Snowden Docs Show GCHQ, MI5 To Be All Haystack, No Needle
from the collections-so-bulky-they're-practically-immobile dept
“Collect it all,” they said. “You can’t find needles without haystacks,” they proclaimed. “The more you know,” they rainbowed. All well and good, except the NSA, GCHQ, et al. appear to have far more in common with the protagonists of “Hoarding: Buried Alive” than with effective, finely-tuned terrorism-fighting machines.
New documents from the Snowden stash show the UK’s intelligence agencies love piling data on top of data, but seemingly have no idea how to utilize this massive haul.
MI5 “can currently collect (whether itself or through partners …) significantly more than it is able to exploit fully,” the report warned. “This creates a real risk of ‘intelligence failure’ i.e. from the Service being unable to access potentially life-saving intelligence from data that it has already collected.”
A followup report from a month later echoed these concerns:
“There is an imbalance between collection and exploitation capabilities, resulting in a failure to make effective use of some of the intelligence collected today,” the report noted. “With the exception of the highest priority investigations, a lack of staff and tools means that investigators are presented with raw and unfiltered DIGINT data. Frequently, this material is not fully assessed because of the significant time required to review it.”
This isn’t just an MI5 problem. And it’s not just a bulk surveillance problem. GCHQ uses the same “data broker” — a program called PRESTON, run by the National Technical Assistance Center, which is supposed to act as a go-between for intelligence agencies in order to prevent the siloing of data. But it doesn’t work. It has prevented agencies from walling each other off, but the info firehose is still too much for agencies to handle — even with more-targeted surveillance.
Targeted collections fare little better than the bulk collections, in terms of needle location. The following chart shows how much data goes unutilized in cases where suspects are known and targeted with individualized warrants.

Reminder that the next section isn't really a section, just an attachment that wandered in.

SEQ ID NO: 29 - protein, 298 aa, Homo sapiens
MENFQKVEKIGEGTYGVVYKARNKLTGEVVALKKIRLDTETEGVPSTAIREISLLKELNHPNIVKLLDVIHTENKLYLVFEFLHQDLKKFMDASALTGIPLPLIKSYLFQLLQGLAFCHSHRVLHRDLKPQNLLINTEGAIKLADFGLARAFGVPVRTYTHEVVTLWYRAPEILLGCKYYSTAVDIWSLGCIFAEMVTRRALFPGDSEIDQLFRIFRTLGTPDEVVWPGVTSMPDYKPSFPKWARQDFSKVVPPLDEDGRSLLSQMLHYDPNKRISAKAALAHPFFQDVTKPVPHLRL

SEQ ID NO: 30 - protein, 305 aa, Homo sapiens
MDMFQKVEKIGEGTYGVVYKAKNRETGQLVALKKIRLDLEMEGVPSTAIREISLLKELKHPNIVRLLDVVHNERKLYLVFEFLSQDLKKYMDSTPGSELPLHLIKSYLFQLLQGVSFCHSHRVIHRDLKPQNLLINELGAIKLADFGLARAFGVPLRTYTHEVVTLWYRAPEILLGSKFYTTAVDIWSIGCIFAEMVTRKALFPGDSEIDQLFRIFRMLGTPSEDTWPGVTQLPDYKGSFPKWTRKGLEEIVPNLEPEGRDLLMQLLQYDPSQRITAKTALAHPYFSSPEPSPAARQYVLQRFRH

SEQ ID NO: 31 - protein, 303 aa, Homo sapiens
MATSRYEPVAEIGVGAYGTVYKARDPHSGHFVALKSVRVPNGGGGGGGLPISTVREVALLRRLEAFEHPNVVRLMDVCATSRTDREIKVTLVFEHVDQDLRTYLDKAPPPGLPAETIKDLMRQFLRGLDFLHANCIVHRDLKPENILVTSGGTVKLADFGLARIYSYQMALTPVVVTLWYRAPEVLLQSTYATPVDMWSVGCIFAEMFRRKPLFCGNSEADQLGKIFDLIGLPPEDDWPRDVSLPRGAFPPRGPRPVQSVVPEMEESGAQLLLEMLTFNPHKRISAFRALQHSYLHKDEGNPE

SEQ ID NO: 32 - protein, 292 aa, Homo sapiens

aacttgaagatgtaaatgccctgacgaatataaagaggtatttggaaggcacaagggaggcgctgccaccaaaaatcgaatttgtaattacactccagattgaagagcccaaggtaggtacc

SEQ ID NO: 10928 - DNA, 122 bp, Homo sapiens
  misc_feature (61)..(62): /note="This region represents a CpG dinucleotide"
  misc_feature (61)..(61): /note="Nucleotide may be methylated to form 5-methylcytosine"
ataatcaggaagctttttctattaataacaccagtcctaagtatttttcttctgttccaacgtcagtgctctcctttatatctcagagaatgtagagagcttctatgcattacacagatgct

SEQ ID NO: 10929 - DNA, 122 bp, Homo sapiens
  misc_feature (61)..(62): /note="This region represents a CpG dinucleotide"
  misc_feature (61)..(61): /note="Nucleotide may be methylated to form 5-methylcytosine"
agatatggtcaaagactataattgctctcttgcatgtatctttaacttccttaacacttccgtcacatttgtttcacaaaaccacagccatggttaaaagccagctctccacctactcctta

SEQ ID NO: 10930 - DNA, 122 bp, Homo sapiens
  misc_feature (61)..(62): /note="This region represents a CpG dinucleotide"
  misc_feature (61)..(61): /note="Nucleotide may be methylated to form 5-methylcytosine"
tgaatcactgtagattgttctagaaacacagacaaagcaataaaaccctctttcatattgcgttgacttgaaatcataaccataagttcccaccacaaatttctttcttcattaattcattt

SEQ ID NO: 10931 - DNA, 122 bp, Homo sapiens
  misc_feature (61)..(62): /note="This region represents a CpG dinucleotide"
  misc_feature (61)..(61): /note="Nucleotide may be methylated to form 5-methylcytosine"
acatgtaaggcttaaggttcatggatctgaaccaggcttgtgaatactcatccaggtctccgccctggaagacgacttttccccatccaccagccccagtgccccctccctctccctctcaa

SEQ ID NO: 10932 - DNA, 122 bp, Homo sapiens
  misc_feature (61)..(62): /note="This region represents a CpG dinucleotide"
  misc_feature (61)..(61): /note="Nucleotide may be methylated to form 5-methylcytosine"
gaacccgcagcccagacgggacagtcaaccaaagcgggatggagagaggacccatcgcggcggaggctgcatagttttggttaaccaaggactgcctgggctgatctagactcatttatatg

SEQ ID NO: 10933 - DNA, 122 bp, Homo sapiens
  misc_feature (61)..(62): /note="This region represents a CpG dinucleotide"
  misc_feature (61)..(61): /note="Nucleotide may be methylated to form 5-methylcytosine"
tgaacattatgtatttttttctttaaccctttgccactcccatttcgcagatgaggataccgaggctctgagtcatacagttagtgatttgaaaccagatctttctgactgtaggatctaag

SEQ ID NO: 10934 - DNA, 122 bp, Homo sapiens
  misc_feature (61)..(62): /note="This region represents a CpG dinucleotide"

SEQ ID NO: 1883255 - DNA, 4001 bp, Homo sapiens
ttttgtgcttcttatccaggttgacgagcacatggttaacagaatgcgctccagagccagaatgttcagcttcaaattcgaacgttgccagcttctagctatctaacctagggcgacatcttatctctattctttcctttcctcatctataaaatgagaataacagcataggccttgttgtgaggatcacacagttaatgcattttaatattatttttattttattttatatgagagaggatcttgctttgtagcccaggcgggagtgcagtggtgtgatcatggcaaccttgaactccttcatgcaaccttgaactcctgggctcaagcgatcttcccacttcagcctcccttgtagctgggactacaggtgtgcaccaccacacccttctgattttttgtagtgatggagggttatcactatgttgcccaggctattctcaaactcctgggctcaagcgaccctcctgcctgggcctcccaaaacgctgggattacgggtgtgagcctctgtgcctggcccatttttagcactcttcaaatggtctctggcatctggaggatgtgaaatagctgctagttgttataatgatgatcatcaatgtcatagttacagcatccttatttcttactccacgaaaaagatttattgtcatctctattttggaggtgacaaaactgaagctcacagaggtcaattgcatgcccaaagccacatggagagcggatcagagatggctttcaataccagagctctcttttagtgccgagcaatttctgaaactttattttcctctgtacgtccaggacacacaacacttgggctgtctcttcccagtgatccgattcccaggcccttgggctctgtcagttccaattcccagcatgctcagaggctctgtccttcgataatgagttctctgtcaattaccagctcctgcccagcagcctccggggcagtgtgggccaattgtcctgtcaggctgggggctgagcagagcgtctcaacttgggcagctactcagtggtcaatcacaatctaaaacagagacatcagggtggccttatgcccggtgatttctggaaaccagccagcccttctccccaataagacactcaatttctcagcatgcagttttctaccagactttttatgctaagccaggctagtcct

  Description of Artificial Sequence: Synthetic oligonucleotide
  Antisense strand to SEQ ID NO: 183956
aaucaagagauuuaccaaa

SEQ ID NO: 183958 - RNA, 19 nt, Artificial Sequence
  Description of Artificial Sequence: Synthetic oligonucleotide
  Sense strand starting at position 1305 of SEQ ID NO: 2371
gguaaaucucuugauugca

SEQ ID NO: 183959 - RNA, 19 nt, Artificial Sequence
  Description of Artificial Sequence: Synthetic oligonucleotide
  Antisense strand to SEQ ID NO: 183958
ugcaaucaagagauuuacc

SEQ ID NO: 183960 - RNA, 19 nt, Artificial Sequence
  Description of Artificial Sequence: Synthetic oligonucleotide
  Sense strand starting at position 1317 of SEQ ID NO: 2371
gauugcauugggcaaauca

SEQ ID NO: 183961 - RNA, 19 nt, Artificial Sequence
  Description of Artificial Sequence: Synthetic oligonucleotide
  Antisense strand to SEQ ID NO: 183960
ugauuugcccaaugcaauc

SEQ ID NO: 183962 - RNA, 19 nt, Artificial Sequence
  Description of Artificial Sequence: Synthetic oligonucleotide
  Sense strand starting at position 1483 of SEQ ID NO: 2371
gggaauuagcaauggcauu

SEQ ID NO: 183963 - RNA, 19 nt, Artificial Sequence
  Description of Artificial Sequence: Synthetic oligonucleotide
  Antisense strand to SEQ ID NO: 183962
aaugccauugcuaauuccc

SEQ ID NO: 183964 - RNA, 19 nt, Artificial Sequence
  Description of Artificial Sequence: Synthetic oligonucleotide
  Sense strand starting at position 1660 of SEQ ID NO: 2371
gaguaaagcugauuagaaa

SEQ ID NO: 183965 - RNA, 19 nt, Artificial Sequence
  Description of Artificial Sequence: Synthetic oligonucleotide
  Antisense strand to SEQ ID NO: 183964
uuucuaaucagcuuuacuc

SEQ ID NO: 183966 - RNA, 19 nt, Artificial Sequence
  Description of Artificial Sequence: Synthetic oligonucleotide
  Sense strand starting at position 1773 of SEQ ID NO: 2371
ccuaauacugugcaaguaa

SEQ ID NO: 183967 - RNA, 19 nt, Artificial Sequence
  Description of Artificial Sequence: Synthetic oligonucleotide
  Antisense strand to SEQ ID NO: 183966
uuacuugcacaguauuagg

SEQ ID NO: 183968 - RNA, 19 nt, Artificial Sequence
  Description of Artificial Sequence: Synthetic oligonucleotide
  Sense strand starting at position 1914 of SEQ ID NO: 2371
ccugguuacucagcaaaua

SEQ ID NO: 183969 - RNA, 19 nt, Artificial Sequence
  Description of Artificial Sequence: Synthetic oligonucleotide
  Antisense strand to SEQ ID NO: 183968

From the 2009 report detailing these problems:
[I]n one six-month period, the PRESTON program had intercepted more than 5 million communications. Remarkably, 97 percent of the calls, messages, and data it had collected were found to have been “not viewed” by the authorities.
Despite this failure to fully use the collections they already have, UK intelligence agencies are asking the government to give them more, supposedly to capture the “growing range of services available to internet users.” But they’ve already shown they can’t handle the data they already collect. Piling more hay on the stacks is only going to allow more “needles” to escape the attention of analysts. One solution would be to throw more people at the problem, but even this might cause its own issues, as every intelligence agency is increasingly wary of becoming the temporary home of the next Snowden. Vetting procedures have ramped up and security clearances have been scaled back.
More judicious collections are a better answer, but intelligence agencies — just like many of the internet users they track — apparently suffer from Fear of Missing Out. But an examination of their current collections/analysis shows they’re “missing out” already, and expanded powers/collections would do nothing to better secure the nation. In fact, these reports show the more they collect, the less they know.